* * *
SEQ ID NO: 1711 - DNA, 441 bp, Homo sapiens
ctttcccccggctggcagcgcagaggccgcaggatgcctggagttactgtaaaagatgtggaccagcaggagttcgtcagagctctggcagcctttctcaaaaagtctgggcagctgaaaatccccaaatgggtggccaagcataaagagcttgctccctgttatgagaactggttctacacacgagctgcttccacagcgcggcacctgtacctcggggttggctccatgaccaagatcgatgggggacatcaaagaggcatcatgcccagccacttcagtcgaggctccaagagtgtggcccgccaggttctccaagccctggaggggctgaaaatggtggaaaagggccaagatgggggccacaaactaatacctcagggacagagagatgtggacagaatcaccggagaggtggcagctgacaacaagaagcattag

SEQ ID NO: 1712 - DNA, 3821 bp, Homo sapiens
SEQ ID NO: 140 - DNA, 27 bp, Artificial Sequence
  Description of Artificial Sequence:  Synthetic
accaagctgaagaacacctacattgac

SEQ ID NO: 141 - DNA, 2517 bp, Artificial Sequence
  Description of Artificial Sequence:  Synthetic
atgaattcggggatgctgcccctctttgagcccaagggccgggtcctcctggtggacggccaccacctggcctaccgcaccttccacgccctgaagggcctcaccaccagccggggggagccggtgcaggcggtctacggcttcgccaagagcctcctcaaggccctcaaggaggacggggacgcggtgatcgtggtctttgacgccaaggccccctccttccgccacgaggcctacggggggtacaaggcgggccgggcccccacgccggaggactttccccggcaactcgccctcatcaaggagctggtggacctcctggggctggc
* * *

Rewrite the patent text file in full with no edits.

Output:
SEQ ID NO: 1711 - DNA, 441 bp, Homo sapiens
ctttcccccggctggcagcgcagaggccgcaggatgcctggagttactgtaaaagatgtggaccagcaggagttcgtcagagctctggcagcctttctcaaaaagtctgggcagctgaaaatccccaaatgggtggccaagcataaagagcttgctccctgttatgagaactggttctacacacgagctgcttccacagcgcggcacctgtacctcggggttggctccatgaccaagatcgatgggggacatcaaagaggcatcatgcccagccacttcagtcgaggctccaagagtgtggcccgccaggttctccaagccctggaggggctgaaaatggtggaaaagggccaagatgggggccacaaactaatacctcagggacagagagatgtggacagaatcaccggagaggtggcagctgacaacaagaagcattag

SEQ ID NO: 1712 - DNA, 3821 bp, Homo sapiens
SEQ ID NO: 140 - DNA, 27 bp, Artificial Sequence
  Description of Artificial Sequence:  Synthetic
accaagctgaagaacacctacattgac

SEQ ID NO: 141 - DNA, 2517 bp, Artificial Sequence
  Description of Artificial Sequence:  Synthetic
atgaattcggggatgctgcccctctttgagcccaagggccgggtcctcctggtggacggccaccacctggcctaccgcaccttccacgccctgaagggcctcaccaccagccggggggagccggtgcaggcggtctacggcttcgccaagagcctcctcaaggccctcaaggaggacggggacgcggtgatcgtggtctttgacgccaaggccccctccttccgccacgaggcctacggggggtacaaggcgggccgggcccccacgccggaggactttccccggcaactcgccctcatcaaggagctggtggacctcctggggctggc